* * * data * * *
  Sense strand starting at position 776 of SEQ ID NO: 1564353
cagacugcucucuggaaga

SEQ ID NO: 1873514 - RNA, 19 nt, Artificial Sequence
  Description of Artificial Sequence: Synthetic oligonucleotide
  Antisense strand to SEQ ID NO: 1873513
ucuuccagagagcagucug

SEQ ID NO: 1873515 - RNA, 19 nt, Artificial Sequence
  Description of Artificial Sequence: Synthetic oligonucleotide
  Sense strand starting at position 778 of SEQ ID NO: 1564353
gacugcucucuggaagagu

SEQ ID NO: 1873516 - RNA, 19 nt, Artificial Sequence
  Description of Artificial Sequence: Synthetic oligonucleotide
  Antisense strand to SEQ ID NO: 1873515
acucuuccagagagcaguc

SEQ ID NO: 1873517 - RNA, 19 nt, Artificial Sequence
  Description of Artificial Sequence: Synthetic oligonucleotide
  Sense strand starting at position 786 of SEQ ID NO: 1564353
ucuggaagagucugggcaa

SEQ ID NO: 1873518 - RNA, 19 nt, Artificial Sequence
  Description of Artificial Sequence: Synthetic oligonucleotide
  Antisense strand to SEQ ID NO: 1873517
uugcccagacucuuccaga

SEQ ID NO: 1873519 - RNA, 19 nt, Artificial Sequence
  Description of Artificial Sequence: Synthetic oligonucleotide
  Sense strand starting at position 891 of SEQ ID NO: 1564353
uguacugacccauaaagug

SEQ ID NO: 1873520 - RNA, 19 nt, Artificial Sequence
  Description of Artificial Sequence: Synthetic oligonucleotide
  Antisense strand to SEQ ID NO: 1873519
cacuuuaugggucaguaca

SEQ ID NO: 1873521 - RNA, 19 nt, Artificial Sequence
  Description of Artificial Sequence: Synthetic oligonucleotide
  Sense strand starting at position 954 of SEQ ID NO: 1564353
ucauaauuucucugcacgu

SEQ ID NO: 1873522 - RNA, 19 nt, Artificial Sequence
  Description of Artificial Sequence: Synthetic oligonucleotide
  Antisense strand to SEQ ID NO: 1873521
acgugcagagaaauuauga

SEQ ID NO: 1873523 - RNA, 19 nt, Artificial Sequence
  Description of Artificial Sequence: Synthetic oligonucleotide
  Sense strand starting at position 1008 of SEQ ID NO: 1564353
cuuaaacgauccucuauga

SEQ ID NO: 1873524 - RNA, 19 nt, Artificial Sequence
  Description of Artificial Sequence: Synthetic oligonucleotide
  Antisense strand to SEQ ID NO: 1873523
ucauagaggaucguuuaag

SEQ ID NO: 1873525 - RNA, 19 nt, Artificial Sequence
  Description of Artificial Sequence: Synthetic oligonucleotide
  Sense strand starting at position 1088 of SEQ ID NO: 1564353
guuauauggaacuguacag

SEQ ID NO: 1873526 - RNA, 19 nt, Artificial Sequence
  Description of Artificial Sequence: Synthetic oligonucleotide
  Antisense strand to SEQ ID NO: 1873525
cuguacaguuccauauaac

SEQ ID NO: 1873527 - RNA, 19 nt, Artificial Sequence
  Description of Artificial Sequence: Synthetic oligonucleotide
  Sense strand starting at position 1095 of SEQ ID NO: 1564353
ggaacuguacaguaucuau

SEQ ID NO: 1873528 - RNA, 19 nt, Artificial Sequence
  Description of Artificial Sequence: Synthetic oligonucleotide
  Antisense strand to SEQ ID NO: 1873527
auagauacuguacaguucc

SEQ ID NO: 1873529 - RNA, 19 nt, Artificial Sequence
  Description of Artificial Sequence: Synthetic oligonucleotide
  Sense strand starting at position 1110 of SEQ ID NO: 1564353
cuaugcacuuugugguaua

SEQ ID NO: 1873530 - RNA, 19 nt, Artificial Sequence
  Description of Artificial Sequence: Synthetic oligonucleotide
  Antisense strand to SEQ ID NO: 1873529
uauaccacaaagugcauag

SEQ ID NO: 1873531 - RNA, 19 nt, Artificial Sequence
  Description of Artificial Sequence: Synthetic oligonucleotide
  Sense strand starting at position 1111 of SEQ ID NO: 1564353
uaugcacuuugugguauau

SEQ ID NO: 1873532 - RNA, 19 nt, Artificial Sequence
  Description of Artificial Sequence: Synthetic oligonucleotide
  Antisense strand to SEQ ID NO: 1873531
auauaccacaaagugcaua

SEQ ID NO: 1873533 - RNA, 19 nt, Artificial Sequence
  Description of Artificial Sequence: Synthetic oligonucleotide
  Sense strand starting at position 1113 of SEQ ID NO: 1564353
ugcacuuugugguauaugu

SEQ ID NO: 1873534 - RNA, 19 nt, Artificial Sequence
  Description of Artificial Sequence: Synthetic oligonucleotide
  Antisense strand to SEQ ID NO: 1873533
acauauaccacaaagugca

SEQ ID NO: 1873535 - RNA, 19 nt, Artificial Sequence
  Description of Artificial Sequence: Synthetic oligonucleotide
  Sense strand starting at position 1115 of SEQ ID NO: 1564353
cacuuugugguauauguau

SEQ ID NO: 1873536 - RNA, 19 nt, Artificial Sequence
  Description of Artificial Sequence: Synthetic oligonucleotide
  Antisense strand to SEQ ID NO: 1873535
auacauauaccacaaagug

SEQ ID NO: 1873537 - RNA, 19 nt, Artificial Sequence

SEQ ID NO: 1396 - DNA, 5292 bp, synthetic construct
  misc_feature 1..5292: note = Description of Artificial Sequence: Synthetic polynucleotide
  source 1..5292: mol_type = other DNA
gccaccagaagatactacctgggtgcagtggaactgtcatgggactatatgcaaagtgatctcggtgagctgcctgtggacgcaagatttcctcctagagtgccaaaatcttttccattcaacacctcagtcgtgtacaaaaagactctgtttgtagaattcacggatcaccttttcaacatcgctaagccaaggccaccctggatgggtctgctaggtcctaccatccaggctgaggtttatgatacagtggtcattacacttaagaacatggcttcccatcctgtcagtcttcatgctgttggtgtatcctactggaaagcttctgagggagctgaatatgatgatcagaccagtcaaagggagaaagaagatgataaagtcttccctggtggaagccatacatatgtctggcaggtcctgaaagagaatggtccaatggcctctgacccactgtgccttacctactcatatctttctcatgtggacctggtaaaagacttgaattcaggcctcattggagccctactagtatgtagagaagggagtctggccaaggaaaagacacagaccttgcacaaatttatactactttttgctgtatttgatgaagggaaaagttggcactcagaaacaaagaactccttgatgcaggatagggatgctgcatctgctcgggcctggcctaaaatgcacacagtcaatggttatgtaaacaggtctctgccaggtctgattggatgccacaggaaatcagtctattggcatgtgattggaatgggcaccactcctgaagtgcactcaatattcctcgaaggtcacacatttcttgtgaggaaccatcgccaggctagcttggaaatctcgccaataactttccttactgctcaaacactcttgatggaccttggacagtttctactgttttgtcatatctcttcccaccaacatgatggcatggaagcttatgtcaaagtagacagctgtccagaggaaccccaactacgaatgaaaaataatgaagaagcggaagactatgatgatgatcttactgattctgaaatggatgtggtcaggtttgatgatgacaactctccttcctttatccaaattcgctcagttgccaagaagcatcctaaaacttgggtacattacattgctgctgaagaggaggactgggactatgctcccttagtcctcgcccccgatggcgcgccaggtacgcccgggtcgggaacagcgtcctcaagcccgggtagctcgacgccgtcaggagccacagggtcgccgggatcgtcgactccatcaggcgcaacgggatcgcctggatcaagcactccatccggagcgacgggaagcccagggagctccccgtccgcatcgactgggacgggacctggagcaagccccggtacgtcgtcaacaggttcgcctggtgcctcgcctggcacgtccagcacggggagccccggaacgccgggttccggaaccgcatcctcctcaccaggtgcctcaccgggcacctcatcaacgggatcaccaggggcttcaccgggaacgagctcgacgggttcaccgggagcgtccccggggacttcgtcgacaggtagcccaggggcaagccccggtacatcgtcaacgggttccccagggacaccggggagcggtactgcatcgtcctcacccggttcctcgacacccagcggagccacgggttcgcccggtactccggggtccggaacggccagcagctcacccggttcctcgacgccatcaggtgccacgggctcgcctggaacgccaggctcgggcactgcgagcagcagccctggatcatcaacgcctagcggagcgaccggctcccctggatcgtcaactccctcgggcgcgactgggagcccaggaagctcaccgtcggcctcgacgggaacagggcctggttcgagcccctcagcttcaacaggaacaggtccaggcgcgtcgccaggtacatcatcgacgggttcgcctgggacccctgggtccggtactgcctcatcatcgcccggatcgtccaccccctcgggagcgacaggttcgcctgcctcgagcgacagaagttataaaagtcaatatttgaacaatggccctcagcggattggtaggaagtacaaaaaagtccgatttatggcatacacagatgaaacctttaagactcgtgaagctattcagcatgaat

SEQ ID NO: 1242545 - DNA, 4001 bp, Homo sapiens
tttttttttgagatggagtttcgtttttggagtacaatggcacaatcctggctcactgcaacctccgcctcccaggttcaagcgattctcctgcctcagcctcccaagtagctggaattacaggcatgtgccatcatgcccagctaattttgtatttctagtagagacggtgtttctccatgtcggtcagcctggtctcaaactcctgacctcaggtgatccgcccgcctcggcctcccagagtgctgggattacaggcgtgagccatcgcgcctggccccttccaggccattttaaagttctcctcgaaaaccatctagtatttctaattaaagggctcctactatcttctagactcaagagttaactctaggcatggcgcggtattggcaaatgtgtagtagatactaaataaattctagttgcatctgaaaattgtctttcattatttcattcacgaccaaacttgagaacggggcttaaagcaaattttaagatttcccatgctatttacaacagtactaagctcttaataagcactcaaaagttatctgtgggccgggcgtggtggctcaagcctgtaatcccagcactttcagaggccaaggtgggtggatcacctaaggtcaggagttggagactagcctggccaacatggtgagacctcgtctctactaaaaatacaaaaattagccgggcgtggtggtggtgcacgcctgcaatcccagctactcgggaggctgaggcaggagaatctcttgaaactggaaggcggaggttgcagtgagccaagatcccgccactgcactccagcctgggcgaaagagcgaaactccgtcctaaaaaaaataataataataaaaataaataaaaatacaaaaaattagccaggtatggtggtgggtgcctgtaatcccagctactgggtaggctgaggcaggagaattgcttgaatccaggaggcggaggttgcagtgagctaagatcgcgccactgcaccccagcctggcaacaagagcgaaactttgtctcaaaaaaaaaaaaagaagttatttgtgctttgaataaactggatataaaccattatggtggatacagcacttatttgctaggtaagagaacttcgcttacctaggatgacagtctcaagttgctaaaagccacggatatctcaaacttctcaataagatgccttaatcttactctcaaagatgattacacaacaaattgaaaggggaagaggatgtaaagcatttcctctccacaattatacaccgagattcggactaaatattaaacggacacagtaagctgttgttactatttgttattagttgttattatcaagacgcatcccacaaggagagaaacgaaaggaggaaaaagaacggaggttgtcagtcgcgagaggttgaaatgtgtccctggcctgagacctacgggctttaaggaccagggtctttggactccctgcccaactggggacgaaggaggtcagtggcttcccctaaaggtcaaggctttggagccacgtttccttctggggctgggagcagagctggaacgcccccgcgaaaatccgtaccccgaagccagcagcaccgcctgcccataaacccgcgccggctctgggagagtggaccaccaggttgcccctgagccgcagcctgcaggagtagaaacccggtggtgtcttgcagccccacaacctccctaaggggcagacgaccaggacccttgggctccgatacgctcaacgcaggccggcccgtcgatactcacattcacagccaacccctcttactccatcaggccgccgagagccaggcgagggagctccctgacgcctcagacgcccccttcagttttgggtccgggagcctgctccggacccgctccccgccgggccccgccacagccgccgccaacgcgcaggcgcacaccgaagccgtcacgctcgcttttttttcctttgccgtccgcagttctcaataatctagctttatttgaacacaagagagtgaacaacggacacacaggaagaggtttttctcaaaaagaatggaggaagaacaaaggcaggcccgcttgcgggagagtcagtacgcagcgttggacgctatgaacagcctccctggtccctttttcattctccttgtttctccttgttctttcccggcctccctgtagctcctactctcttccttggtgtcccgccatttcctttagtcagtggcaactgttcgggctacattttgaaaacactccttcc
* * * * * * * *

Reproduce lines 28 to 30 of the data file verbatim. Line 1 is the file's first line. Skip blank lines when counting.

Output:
  Description of Artificial Sequence: Synthetic oligonucleotide
  Antisense strand to SEQ ID NO: 1873519
cacuuuaugggucaguaca